The Philippines are about to get a direct hit from what looks to be one of the strongest storms ever recorded. Super Typhoon Haiyan currently has max sustained winds at 190 mph with gusts to 230 mph, and the central pressure is down to 905 mb. To put this into perspective, this is equivalent to a very strong category 5 hurricane. On the Saffir-Simpson scale, a hurricane becomes a category 5 storm once its max sustained winds reach 157 mph or greater, and as you can see, Super Typhoon Haiyan is well beyond that point.
Super Typhoon Haiyan is currently moving at a quick 25 mph in a west northwest direction and is expected to hit the central Philippines in just a few hours. The majority of the evacuations have occurred in Tacloban City, which is a city of over 200,000.
The region that is likely to be impacted the most by this super typhoon is the same area that was hit by a 7.1 magnitude earthquake just a month ago. This earthquake was responsible for killing over 200 and displacing around 350,000. Since the residents of the Philippines are still trying to recover from this deadly earthquake, this could make the impact even greater as Super Typhoon Haiyan moves through the island.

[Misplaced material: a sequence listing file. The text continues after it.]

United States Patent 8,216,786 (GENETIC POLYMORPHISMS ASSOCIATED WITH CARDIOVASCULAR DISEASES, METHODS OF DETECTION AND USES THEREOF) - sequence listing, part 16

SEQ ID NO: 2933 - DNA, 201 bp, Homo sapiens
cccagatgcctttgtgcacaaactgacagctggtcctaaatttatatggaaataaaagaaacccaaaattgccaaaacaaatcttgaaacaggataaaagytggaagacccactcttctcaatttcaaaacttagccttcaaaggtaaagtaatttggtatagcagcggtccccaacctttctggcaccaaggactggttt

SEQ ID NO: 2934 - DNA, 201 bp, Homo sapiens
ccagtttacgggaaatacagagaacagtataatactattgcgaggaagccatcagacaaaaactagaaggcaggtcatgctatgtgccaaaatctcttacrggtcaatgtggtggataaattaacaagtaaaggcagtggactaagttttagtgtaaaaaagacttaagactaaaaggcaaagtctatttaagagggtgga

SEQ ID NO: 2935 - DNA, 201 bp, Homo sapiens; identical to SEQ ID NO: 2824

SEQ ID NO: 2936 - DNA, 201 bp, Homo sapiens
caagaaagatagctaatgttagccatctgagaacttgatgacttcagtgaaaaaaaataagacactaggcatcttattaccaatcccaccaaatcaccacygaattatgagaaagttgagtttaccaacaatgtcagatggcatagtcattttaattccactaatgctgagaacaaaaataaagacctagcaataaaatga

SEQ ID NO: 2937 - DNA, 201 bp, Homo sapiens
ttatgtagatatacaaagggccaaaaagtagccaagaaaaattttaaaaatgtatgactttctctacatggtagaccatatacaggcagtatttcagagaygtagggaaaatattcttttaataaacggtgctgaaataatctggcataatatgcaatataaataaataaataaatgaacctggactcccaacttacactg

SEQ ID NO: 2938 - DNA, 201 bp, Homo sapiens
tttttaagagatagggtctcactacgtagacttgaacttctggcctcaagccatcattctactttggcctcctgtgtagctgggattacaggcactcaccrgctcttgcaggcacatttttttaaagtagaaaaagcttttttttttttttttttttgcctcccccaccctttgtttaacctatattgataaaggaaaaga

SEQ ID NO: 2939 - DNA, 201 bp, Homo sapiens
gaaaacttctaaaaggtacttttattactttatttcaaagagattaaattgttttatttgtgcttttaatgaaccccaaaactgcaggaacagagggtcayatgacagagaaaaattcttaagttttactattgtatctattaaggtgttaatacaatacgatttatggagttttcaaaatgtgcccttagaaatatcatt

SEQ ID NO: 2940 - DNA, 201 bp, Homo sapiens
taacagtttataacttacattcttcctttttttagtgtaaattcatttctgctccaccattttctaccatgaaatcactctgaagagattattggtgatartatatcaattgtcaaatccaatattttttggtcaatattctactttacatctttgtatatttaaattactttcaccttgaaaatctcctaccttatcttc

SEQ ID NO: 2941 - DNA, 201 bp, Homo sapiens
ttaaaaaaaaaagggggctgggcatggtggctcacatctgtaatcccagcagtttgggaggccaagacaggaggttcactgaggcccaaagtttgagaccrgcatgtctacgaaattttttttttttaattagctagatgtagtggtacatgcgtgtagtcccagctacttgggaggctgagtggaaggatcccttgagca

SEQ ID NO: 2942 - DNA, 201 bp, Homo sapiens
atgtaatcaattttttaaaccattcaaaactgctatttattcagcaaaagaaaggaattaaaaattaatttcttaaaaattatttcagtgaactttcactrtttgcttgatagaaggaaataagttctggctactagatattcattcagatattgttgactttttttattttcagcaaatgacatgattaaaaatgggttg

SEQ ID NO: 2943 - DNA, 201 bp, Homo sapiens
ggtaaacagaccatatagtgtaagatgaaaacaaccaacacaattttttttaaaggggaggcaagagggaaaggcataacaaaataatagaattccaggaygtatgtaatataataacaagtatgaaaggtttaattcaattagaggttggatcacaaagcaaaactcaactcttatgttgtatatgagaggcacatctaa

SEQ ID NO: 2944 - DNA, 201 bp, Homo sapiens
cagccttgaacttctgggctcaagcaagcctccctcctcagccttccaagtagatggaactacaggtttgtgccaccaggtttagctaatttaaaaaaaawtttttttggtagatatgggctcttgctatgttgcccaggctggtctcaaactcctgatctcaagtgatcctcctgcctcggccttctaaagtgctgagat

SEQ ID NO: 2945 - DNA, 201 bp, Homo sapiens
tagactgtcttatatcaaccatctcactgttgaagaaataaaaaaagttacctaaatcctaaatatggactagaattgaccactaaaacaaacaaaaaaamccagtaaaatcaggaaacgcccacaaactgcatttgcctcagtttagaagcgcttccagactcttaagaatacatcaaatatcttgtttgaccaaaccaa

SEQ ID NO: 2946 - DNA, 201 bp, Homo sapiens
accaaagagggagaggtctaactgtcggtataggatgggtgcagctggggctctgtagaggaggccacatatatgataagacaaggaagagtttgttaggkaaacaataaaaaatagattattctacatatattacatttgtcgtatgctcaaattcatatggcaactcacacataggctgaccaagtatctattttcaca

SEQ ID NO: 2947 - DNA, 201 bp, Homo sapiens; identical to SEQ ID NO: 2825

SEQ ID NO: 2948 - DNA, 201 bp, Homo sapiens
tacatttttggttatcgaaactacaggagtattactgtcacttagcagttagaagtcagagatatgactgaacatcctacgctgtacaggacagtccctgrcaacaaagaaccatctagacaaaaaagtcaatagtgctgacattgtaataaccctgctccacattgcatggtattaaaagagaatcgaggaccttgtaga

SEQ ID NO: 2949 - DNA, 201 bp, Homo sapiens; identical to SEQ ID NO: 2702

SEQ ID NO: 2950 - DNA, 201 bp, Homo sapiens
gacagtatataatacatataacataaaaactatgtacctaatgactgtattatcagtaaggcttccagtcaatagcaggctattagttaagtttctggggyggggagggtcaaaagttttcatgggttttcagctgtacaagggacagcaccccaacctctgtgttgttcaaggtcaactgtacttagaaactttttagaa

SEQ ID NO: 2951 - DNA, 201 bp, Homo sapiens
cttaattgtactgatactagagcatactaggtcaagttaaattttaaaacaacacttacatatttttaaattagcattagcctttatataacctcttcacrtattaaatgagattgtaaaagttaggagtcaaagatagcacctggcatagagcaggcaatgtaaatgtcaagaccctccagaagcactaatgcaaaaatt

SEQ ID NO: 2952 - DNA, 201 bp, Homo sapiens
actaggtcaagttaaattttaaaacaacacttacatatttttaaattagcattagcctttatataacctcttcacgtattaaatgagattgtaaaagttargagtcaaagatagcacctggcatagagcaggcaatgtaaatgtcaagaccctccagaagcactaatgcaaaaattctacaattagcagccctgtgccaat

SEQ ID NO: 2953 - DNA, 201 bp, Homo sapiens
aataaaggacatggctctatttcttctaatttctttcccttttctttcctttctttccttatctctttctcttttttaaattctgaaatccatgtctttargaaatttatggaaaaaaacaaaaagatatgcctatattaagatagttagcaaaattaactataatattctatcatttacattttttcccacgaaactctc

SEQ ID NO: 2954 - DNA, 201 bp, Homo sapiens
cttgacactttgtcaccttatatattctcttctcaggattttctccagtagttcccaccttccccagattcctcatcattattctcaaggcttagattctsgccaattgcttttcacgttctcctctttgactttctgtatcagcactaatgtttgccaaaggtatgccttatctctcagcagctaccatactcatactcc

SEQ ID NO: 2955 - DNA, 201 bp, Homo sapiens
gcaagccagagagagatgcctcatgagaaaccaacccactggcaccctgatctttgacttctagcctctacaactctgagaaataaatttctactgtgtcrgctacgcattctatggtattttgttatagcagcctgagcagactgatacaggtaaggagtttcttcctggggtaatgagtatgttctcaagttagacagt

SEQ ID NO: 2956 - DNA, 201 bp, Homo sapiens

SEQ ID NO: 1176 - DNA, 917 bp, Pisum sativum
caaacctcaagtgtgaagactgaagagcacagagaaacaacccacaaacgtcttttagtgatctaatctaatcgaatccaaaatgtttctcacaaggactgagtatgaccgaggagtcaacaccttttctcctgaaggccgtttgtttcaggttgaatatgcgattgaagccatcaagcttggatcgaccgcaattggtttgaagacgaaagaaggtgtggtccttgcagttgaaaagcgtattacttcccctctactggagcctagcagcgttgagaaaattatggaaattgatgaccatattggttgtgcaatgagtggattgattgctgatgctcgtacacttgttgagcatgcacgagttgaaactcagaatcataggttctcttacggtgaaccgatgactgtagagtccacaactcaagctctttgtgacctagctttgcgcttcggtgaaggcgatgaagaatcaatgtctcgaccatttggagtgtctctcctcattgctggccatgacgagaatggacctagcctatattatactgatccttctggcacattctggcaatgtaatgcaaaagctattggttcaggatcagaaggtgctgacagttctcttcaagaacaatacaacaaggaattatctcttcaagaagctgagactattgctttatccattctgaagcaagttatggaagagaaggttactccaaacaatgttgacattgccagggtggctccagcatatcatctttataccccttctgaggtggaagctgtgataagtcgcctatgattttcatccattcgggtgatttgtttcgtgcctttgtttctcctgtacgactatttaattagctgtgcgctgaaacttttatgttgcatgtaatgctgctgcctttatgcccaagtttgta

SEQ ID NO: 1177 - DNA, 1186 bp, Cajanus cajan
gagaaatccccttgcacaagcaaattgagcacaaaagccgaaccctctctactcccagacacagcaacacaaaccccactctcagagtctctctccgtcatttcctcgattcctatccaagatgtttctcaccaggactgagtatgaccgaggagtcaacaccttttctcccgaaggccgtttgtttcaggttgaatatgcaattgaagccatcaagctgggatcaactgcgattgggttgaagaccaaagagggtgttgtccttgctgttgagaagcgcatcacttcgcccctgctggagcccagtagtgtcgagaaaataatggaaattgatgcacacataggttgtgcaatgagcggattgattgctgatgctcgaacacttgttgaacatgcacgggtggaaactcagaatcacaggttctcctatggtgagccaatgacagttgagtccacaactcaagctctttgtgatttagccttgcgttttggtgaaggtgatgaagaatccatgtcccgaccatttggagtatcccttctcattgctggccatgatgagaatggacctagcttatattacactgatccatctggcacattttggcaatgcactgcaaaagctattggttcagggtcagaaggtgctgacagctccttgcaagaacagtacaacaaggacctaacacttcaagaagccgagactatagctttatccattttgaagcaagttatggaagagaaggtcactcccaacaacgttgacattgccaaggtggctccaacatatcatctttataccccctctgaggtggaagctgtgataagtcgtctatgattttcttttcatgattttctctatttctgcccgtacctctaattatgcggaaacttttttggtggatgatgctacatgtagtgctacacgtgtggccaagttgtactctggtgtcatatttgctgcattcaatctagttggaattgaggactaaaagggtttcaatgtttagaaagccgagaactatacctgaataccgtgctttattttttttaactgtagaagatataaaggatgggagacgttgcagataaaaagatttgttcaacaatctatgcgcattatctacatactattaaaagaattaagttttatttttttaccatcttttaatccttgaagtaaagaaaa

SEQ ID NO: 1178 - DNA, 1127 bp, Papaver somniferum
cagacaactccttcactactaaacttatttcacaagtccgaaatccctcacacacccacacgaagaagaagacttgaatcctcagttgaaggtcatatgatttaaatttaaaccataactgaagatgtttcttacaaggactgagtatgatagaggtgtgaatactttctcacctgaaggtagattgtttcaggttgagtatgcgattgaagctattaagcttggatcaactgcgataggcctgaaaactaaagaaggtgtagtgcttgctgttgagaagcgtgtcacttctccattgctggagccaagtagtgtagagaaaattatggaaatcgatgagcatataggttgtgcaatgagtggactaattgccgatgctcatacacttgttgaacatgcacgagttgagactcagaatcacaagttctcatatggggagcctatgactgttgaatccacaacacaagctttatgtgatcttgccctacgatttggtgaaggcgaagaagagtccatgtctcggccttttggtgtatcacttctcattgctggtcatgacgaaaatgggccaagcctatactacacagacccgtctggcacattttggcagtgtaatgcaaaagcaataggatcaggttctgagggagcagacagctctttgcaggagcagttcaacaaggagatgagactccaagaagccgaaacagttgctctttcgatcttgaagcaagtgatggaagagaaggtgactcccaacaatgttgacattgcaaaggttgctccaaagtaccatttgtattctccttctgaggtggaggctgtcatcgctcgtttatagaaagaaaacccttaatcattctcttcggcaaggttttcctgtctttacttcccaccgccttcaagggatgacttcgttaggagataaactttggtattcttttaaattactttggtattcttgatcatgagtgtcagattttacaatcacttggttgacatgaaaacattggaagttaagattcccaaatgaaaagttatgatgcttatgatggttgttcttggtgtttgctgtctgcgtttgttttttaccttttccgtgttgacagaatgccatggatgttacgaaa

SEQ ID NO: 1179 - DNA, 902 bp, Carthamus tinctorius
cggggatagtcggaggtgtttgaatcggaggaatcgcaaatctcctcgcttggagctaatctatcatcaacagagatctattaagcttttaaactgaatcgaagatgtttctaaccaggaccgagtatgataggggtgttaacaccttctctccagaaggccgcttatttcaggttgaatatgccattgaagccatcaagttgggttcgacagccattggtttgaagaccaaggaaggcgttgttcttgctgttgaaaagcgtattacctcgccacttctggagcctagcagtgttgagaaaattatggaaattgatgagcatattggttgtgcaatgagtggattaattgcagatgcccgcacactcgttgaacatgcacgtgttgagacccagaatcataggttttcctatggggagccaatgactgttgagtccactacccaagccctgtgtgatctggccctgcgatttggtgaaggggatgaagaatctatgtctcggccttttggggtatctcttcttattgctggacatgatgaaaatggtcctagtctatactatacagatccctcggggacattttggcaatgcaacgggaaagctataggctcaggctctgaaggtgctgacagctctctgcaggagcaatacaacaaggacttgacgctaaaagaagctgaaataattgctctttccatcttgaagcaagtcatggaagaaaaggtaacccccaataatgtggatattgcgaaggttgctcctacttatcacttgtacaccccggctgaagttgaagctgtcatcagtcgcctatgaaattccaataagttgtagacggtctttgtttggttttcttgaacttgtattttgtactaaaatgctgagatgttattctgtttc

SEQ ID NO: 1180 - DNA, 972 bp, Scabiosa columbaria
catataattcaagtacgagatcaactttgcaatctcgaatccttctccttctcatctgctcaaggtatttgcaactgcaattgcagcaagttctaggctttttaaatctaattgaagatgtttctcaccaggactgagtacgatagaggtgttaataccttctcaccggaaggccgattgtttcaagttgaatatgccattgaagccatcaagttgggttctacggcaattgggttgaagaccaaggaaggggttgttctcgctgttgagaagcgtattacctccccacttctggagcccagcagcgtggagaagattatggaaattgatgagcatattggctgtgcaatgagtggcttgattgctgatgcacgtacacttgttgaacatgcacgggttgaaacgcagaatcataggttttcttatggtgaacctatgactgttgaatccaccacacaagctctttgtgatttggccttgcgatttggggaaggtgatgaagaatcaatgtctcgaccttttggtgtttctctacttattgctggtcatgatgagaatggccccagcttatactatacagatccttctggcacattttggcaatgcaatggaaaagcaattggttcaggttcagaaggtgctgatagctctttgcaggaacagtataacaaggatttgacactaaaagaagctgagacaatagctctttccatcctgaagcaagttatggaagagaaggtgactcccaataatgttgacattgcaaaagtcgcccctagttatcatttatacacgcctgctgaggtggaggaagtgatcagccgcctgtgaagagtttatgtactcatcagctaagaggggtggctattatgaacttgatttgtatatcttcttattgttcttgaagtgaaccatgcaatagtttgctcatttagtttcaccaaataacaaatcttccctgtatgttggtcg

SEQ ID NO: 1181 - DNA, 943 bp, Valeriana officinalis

Along with catastrophic winds, the Philippines can also expect massive flooding, which will likely result in mudslides. We will continue to monitor the latest on this deadly typhoon and will keep you updated on our Facebook and Twitter pages.
Matthew founded Firsthand Weather in July 2010. He attends the University of Oklahoma and is expected to graduate in May 2017 with a B.S. in Meteorology and a B.S. in Geographic Information Science along with a minor in Mathematics. While Matthew regularly provides short-range weather forecasts for his audience through a weekly newsletter and daily posts on social media, his specialty is in long-range and seasonal forecasting, and he utilizes his own research coupled with the latest peer-reviewed research to come up with the most accurate forecasts possible. Matthew’s latest research at the university level has involved determining Global Precipitation Measurement (GPM) performance in the tropics, a region that has a much lower density of rain gauges to take accurate rainfall measurements. Matthew has completed coursework in dynamics, thermodynamics, cloud physics, calculus and differential equations, statistics, remote sensing, GIS, synoptic meteorology, and mesoscale meteorology. His goal is to provide his audience with a deeper understanding of what drives our weather and climate, while making it easy and enjoyable to learn.